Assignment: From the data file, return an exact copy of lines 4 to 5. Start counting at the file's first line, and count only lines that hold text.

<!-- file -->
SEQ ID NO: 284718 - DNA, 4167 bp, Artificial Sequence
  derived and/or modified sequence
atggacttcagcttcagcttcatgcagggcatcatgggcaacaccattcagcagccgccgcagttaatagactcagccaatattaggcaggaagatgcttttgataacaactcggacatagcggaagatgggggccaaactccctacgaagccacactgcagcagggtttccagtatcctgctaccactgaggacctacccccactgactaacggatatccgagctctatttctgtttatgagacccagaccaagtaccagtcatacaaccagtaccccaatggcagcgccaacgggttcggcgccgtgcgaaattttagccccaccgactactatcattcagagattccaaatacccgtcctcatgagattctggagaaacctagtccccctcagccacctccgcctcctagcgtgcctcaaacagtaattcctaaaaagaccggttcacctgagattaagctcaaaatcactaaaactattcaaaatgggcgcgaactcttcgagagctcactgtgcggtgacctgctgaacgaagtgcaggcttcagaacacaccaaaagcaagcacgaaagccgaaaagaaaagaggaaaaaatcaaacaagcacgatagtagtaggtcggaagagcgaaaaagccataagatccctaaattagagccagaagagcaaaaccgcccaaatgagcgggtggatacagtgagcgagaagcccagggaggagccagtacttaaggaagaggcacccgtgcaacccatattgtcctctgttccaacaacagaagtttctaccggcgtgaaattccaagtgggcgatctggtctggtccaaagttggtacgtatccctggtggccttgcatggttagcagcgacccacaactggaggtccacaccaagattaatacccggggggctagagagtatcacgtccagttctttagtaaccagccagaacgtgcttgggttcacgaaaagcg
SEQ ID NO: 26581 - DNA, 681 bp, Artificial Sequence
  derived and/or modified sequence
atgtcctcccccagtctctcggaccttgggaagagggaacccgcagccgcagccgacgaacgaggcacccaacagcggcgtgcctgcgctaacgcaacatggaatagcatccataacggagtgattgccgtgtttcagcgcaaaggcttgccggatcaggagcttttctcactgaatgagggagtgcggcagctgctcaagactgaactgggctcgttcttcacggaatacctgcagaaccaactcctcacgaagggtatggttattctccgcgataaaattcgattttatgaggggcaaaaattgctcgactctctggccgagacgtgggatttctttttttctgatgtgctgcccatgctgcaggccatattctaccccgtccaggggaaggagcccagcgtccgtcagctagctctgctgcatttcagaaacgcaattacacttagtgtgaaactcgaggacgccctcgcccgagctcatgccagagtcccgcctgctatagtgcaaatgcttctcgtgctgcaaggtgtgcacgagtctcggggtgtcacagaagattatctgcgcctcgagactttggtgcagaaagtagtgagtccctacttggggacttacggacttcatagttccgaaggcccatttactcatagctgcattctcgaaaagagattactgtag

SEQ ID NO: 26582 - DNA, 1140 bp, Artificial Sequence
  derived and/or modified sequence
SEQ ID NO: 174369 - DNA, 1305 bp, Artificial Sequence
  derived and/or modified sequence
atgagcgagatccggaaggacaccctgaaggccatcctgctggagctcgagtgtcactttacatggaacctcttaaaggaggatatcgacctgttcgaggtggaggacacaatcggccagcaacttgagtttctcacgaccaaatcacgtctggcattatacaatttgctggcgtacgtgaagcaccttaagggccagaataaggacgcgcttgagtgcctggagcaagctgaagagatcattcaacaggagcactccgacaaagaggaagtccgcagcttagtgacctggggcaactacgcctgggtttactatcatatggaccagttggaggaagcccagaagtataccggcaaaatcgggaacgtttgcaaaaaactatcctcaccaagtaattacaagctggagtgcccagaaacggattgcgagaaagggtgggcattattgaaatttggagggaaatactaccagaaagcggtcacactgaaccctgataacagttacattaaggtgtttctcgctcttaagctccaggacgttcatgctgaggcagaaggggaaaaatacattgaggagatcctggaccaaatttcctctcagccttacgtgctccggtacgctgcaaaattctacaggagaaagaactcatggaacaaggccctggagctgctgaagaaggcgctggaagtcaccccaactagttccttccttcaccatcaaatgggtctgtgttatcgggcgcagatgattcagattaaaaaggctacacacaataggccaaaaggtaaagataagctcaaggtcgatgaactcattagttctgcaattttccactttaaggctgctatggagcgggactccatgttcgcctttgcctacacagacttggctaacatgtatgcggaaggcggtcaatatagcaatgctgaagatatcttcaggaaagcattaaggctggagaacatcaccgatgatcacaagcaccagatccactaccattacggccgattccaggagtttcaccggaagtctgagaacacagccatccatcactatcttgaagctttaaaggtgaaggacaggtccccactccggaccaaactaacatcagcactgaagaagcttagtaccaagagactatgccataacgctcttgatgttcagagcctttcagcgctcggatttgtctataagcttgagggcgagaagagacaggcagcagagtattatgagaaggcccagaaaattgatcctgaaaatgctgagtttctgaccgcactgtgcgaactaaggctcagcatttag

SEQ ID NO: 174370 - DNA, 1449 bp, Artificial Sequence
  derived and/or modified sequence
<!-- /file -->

SEQ ID NO: 26581 - DNA, 681 bp, Artificial Sequence
  derived and/or modified sequence